Dozer Wed 16-Sep-20 19:55:58

Oh come on, just put down plausible reasons!

herrcomesthenamechanger Wed 16-Sep-20 20:04:49

My training is the same OP. Tailor your interview questions to the qualities you actually want in a person and score accordingly. Will you be the only interviewer?

Frazzled13 Wed 16-Sep-20 20:05:28

Prior knowledge if the candidate shouldn't be an advantage or a disadvantage.

Prior work related knowledge should be relevant, particularly if you know she’s exaggerating. Someone could give an amazing interview full of lies. If you know they’re lying, of course you don’t hire them just because you shouldn’t know they’re lying based on the info in front of you.

ScreamingBeans Wed 16-Sep-20 20:13:01

Just tailor the questions to ensure she scores low on them.

And set a presentation that she won't be good at.

You're allowed to ask follow up questions to the main ones and this is where you have the opportunity to pin her down on exactly how much involvement she had with previous projects.

CloudsCanLookLikeSheep Wed 16-Sep-20 20:19:07

Are you seriously saying that as the hiring manager you dont know how to get out of this?

throwingawaymyshot Wed 16-Sep-20 20:20:15

I suspect I'm like your applicant in that people don't like me or want to work with me.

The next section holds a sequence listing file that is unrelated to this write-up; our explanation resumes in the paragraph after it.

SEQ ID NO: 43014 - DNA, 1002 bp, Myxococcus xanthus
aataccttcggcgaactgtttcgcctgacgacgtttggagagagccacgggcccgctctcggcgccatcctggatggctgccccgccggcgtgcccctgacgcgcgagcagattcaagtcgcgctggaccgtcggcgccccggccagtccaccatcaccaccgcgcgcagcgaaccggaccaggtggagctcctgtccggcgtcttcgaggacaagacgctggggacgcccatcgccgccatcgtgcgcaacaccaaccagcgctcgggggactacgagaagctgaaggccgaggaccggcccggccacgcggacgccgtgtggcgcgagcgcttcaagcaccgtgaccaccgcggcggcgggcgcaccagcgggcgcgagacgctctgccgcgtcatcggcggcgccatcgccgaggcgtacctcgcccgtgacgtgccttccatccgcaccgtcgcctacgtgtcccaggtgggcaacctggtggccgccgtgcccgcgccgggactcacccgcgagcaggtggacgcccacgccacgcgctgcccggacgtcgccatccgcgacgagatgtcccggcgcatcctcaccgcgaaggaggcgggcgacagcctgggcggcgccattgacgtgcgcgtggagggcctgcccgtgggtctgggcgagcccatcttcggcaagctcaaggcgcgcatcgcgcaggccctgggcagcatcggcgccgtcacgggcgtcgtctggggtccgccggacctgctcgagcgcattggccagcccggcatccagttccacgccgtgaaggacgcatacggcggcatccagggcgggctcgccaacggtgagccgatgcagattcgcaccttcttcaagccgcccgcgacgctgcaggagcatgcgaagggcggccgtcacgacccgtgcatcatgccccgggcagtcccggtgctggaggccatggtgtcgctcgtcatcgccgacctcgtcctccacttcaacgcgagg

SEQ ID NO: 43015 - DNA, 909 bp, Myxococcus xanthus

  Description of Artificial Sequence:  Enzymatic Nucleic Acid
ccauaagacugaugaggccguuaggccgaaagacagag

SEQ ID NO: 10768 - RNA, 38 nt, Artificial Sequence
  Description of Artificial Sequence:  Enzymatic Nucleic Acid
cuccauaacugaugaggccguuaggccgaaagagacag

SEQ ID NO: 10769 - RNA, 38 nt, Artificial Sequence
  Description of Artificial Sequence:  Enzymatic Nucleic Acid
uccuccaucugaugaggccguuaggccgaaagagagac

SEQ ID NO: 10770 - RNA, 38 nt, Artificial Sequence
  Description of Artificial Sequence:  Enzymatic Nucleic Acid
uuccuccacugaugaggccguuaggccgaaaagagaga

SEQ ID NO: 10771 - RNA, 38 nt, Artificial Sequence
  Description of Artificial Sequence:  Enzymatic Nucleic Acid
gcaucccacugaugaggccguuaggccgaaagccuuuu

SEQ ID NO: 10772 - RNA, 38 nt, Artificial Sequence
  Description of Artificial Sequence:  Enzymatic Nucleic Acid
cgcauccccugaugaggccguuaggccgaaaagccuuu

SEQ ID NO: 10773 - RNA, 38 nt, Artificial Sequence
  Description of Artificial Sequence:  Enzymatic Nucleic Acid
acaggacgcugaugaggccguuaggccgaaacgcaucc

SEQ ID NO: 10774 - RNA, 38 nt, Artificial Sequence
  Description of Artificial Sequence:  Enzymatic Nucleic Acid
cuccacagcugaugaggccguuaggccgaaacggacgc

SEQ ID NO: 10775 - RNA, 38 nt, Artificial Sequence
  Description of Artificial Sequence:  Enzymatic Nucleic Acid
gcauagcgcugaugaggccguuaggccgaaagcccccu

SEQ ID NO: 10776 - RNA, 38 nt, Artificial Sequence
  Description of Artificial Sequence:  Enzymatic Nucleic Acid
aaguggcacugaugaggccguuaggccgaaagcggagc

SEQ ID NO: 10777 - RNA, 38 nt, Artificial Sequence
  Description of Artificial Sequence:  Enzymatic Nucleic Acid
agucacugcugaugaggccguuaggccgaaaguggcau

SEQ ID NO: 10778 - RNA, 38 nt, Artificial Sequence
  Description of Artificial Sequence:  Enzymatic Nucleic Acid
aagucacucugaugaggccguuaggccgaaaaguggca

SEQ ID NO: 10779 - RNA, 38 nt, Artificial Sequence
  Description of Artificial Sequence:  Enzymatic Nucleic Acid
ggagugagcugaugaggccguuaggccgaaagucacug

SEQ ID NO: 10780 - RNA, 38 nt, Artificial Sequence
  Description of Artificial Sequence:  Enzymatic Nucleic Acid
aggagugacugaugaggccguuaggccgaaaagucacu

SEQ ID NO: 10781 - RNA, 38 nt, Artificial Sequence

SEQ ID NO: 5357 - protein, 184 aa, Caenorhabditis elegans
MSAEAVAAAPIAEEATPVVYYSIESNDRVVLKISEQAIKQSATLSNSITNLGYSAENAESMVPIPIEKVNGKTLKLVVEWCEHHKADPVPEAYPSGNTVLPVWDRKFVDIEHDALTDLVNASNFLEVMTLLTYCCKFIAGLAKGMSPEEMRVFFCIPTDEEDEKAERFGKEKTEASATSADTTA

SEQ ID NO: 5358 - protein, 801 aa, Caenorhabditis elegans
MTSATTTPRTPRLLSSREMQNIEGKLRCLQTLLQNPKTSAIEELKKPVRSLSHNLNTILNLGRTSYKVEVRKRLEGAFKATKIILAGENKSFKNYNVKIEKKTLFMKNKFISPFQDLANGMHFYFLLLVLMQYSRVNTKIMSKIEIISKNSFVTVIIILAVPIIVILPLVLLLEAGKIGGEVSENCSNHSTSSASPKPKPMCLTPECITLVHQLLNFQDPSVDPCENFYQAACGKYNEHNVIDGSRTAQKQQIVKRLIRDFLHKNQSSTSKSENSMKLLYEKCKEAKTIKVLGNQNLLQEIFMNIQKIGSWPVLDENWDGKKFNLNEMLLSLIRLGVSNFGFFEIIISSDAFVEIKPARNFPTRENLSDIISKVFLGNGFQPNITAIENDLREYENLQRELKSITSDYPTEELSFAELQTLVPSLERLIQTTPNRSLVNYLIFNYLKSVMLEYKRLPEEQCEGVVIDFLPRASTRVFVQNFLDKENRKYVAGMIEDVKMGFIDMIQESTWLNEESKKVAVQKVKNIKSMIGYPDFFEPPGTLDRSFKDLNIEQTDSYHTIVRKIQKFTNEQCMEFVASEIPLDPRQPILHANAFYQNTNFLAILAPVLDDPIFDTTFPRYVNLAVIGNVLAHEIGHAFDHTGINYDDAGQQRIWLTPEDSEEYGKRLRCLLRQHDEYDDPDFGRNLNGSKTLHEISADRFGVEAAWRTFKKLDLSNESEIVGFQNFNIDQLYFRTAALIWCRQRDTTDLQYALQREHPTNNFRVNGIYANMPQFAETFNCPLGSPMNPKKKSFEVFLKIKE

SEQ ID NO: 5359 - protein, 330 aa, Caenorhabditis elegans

In my defence, I had a very good discrimination case, which HR didn't take seriously, until my lawyer and union got involved. Policies got changed, restructures happened (to removed bullies), people underwent training etc.

No chance do I think they will ever let me progress. I'm pretty sure they think I exaggerate my skills and experience too (I don't, its the other way about really, they minimise my input)

We're only hearing your side of the story here but I sympathise with the applicant. You shouldn't let your personal opinion prevent them from being interviewed. If they challenge why they were unsuccessful for interview / the job - then how will you answer that? Can you not get someone else to interview them?

SimpleComforts Wed 16-Sep-20 20:26:10

And there we have it.

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TableFlowerss Wed 16-Sep-20 20:28:13

I would tell the manager/recruiter that she’s a pain in the arse 🤷‍♀️

EarringsandLipstick Wed 16-Sep-20 20:29:24

In my work place @SimpleComforts that candidate would get an interview because they would have met the essential requirements.

However, they wouldn't get the role if you had reservations, that would come out at interview stage & when they were being scored.

yeOldeTrout Wed 16-Sep-20 20:30:10

How much is your process truly audited, OP?
Ours is scoring & paper trailed etc., but no one audits it fully.
Just score her how you know her not what she said about herself.

SimpleComforts Wed 16-Sep-20 20:31:10

It's not audited, until there's a complaint....when it becomes evidence.

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UpperLowercaseSymbolNumber Wed 16-Sep-20 20:31:58

Oh come on. There is no protected characteristic here. And it’s not like you don’t like them because, say, their DD beat you’re DD to the coveted role of Mary in the nativity. You don’t want to employ them for good legitimate business reasons, namely there are not a good employee.